To appeal to larger blue and black marlin, many anglers prefer to fish with lures representing a more substantial baitfish. As Matt Gross discovered, the Zacatak Cracker is a jumbo sized lure with a wild action that is sure to grab attention. For that reason, it also excels as a teaser…
Like most things in fishing, fads come and go. The popularity of a given lure type, be it large, small, or anywhere in-between, fluctuates over time. The one thing that hasn’t changed is the quest for the biggest marlin, and this is usually accompanied by lures that many of us would run as teasers.
The Zacatak Cracker fits squarely in this category. It’s a lure that big blues and blacks should swim through a pattern to eat.The inspiration for the Cracker was two fold. Originally it was designed to offer an alternative to the cupped-face predator lures in the Zacatak range. It was also the first in a series of lures to be used as a teasing lure for big marlin.
The first thing you’ll notice about the Cracker is the generally unconventional head shape, with an aggressive slant to the face. It has a long head with a pronounced shoulder, narrowing to a smaller neck where the skirts are attached. The head is made from resin so popular among many lure-makers today. And the Cracker is more than a handful at 16 inches long.
I once took a photograph of the Cracker working in the short-flat position. It looked like a shallow-running torpedo, and when the picture was enlarged you could see a large bubble cloaking the head, which helped to create the lure’s unusual smoke trail. Rather than the trail of dense, small bubbles generated by some lures, the Cracker has a rather turbulent wash. The other interesting point about the Cracker is that it kicks up a rooster-tail that at times sprays a metre high. It will also dive to simulate the appearance of a feeding tuna. The angle of the cut face is responsible for these deep-diving and surface-slashing attributes. That angle also allows the Cracker to swim well off-line, unlike the track of a typical straight running lure.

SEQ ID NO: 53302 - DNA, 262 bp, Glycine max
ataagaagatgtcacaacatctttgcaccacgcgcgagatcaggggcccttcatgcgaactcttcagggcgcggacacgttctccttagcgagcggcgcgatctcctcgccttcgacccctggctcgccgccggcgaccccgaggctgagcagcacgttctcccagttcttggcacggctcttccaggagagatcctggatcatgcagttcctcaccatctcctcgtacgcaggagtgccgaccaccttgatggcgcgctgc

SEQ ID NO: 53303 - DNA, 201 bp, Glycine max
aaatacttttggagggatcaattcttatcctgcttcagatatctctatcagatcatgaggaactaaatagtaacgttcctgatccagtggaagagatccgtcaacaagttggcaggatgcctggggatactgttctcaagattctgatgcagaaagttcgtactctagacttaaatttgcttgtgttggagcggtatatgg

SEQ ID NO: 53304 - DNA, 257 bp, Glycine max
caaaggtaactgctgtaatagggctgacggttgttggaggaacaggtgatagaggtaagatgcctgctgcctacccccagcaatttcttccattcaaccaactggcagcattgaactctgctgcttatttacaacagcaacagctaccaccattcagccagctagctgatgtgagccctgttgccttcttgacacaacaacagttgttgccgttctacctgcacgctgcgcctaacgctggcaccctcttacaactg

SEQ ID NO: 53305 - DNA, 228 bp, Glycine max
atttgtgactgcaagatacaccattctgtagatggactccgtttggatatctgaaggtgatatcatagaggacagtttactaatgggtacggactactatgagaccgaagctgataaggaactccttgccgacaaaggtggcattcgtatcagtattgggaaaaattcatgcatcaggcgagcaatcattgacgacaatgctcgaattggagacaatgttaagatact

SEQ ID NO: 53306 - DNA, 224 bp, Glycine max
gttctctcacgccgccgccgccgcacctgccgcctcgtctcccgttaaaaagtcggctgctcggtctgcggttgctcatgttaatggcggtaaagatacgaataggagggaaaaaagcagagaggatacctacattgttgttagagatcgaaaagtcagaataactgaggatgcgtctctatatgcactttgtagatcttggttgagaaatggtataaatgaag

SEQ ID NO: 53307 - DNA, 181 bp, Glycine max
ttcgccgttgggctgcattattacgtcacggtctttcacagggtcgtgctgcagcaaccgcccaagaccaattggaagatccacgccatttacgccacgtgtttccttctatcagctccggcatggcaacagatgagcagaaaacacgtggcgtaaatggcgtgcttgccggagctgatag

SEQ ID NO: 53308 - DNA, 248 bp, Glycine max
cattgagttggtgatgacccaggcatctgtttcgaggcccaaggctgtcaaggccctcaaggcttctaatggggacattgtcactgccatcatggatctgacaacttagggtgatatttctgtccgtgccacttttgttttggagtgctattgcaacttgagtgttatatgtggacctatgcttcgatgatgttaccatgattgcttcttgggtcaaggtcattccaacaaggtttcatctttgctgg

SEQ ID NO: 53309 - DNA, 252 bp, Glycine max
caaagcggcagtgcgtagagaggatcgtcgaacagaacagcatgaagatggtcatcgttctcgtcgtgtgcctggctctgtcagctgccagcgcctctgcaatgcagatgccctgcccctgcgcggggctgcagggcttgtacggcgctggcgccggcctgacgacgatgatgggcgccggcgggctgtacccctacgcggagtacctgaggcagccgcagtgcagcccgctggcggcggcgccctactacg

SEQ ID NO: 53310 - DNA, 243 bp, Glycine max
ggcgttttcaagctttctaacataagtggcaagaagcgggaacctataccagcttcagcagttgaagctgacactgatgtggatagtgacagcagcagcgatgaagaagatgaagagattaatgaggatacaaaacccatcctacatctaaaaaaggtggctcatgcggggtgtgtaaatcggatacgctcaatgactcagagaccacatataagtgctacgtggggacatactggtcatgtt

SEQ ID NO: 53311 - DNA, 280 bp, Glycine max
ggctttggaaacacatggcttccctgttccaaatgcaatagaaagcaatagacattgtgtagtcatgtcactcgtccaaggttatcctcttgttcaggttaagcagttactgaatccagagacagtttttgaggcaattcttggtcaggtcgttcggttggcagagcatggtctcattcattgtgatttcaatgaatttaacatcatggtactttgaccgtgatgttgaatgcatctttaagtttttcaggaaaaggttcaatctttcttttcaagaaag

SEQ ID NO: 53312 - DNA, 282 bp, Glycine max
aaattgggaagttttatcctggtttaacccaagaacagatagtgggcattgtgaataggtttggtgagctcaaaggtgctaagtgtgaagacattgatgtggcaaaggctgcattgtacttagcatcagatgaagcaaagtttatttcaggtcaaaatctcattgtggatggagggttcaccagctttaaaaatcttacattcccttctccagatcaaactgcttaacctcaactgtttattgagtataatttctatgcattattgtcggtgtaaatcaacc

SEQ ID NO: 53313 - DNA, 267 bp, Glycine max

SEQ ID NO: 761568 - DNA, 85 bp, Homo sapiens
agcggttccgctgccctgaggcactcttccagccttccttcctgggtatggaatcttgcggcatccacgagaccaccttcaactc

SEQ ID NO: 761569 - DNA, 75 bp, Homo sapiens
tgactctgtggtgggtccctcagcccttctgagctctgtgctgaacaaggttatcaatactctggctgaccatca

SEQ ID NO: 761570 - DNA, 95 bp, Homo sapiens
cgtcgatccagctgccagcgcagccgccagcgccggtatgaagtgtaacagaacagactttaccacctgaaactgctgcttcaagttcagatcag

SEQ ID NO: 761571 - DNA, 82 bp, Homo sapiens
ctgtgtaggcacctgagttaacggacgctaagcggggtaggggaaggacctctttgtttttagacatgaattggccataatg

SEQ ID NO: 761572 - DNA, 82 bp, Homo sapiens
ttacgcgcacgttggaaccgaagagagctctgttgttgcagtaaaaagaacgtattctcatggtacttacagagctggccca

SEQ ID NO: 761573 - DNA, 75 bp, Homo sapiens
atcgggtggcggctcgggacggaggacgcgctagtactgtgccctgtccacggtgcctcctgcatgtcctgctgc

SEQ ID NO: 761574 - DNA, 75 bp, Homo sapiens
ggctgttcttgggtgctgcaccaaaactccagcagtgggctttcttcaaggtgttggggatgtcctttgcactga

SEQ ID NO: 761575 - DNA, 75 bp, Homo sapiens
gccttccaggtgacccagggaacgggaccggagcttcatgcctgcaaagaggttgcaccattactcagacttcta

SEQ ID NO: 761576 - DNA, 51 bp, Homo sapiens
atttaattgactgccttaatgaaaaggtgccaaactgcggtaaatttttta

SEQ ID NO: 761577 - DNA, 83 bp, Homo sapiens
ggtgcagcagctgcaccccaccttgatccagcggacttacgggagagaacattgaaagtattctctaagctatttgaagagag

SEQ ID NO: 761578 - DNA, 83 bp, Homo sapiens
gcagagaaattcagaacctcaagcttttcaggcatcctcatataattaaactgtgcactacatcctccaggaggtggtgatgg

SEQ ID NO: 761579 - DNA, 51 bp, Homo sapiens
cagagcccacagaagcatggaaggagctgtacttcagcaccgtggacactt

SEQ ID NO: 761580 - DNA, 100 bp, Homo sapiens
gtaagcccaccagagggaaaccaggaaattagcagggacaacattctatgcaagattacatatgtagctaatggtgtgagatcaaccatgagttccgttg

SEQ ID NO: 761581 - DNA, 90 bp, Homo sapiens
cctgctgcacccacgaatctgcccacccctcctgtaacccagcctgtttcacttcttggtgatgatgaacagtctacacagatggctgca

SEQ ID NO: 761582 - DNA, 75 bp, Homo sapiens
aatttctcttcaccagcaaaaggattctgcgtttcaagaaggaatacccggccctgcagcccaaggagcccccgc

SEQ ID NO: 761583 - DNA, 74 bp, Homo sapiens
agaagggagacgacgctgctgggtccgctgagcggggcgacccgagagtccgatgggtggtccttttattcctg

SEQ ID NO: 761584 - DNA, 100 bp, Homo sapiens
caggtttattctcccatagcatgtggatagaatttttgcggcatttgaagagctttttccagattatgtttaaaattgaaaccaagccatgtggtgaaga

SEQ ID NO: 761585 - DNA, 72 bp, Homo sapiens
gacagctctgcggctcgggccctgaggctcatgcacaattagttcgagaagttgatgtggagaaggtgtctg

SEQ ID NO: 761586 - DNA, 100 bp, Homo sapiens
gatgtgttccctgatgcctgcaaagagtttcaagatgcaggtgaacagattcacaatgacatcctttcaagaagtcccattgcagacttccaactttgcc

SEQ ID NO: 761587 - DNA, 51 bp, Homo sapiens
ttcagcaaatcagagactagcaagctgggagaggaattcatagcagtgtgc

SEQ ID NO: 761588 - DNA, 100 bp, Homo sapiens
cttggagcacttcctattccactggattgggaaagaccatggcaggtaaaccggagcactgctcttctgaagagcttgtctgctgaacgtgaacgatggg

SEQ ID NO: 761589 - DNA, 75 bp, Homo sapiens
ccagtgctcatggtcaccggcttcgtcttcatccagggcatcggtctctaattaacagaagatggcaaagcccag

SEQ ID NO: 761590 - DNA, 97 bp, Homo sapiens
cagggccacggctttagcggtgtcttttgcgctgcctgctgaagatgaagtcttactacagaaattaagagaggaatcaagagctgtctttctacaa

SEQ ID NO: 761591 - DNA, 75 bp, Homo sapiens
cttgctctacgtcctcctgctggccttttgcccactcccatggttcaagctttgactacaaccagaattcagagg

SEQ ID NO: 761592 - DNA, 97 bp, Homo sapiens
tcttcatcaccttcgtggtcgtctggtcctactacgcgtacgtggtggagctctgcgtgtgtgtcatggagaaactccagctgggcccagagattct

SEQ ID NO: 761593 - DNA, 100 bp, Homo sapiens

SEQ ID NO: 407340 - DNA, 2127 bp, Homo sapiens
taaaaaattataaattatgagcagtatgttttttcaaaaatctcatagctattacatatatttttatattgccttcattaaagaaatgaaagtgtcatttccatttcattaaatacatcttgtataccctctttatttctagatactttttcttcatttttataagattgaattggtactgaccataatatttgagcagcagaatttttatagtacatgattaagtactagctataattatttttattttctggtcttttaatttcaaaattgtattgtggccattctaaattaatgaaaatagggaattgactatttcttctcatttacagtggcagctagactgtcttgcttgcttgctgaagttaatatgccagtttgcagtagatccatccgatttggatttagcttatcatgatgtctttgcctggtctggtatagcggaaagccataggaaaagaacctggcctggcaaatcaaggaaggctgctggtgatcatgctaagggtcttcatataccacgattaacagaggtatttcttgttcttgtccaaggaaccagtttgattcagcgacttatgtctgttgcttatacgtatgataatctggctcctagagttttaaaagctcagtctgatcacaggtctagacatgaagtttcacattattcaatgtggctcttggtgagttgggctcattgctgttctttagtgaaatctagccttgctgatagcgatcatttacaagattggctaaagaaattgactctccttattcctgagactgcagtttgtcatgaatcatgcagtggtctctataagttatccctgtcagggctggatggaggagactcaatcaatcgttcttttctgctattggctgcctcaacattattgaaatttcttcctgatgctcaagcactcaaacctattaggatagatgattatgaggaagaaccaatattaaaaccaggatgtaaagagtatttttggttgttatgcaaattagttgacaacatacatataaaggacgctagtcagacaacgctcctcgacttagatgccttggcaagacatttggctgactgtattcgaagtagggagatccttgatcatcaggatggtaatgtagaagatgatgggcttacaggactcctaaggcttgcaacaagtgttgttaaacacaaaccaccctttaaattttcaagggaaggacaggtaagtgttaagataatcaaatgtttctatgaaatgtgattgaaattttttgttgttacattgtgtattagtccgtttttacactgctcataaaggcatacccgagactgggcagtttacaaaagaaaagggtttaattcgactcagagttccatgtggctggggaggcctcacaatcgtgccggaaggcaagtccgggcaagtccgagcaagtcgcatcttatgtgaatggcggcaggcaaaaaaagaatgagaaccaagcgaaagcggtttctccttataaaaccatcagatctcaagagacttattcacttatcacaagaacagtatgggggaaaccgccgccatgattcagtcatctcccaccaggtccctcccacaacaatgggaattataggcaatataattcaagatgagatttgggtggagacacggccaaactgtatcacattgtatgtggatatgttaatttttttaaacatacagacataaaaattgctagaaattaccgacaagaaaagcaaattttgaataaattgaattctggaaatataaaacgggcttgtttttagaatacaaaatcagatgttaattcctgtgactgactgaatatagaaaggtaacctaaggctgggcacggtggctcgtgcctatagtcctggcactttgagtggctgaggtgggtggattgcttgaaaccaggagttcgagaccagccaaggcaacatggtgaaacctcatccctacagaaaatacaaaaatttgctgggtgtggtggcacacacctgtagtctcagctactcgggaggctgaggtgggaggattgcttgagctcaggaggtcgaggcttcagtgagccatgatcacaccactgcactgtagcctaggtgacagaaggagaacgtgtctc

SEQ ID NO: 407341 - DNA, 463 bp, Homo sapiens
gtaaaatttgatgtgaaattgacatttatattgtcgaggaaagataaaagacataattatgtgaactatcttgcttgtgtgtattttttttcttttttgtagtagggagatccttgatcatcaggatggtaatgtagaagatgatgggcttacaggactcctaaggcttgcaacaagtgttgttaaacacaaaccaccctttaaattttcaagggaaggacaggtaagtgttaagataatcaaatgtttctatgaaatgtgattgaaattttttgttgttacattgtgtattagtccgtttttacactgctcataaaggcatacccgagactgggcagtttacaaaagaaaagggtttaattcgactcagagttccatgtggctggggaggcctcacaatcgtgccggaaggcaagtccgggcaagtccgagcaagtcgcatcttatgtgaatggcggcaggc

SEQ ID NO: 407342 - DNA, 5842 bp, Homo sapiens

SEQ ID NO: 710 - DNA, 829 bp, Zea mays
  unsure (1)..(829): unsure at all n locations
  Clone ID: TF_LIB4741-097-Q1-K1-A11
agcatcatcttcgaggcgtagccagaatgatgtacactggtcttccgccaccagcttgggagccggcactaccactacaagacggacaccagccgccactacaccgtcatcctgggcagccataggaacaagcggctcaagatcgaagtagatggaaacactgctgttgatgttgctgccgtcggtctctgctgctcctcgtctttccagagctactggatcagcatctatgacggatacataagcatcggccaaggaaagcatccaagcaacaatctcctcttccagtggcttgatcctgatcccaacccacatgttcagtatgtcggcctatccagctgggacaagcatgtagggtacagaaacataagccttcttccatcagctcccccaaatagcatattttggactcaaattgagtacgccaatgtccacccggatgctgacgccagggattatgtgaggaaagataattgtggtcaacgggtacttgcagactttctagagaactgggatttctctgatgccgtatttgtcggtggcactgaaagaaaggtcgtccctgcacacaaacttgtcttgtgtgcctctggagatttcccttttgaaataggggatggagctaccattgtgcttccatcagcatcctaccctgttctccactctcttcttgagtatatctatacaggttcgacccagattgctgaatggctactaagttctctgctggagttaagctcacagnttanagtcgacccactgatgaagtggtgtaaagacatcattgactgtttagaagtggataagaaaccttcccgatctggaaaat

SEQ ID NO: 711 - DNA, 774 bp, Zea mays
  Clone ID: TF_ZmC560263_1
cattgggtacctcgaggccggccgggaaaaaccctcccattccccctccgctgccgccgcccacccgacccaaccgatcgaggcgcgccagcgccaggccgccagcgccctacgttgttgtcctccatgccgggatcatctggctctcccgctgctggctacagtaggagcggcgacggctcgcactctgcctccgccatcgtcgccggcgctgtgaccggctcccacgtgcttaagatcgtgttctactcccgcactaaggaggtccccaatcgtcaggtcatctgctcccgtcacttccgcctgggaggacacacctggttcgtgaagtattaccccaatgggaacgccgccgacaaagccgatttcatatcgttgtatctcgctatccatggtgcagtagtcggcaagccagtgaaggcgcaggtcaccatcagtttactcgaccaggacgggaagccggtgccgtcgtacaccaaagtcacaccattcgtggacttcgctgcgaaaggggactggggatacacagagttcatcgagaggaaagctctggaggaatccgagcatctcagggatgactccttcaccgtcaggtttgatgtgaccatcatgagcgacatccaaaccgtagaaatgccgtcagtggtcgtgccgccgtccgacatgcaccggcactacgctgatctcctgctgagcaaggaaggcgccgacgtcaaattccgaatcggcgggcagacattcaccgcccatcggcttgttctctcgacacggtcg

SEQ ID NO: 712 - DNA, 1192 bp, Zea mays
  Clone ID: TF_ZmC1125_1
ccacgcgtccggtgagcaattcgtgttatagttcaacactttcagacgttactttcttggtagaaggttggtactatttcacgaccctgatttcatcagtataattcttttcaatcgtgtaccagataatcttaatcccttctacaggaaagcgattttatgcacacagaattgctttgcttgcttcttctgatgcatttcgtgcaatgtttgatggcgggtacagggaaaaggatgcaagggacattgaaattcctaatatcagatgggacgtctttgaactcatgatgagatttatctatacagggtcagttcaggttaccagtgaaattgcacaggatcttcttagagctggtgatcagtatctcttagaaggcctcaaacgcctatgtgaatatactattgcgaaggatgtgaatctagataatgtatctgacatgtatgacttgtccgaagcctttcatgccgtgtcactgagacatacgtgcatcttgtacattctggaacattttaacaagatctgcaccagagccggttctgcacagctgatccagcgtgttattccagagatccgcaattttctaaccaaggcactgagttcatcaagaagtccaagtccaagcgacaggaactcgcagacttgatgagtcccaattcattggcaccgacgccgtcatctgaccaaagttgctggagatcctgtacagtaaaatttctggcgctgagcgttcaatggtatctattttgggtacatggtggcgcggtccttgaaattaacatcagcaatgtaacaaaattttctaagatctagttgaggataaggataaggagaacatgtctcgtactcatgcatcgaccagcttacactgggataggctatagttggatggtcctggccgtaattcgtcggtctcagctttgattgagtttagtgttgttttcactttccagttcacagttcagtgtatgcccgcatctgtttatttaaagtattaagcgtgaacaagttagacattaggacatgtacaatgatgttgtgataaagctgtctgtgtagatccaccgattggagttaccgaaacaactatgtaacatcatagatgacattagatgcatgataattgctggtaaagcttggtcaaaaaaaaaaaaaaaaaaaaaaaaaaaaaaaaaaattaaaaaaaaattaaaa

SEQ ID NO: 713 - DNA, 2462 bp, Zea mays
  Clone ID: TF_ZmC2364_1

In terms of this big lure’s performance, we were surprised to see that it would run at 12 knots before finally succumbing to momentum and the drag of that aggressive cut face. At normal troll speeds this lure works well sitting at the base of the wake, but in our opinion is better placed in the long-flat position. (Zacatak’s other extra large lures would arguably be more effective in the short-flat position.)
Ideally the minimum tackle required for the Cracker is 37kg, so that the ability to sink the hook will not be compromised. Leaders should be at least 400lb mono. As mentioned earlier, the Cracker also makes a very good teaser and is an effective subsurface addition to other attractors. When the Cracker was run as a teaser off Port Stephens, NSW, it was smashed at the back of the boat by a big blue marlin. The fish was so intent on keeping the hook-less lure that it almost broke the stout teaser rod. On that same day, the angler was at the transom watching the lure when another big blue came charging into the spread. It missed the Cracker, but then a mako shark instantly slammed it. Perhaps the blue marlin saw the competition and decided that caution was a better alternative!
The Zacatak stable of lures has been crafted with the aid of digital machining to ensure that the tolerances in the moulds are extremely fine. The edges of the lures’ face are sharp, ensuring that they produce optimum performance. Each lure is hand poured. The Cracker is a big lure for big fish. Whether you run it with hooks or as a teaser, just make sure that it is attached to a heavy line, otherwise you are unlikely to have it at the end of the day!
You can browse the Zacatak Lures Cracker range here.
Author: Matt Gross - Published in BlueWater Magazine (Issue 68)
Reposted by Zacatak Lures with permission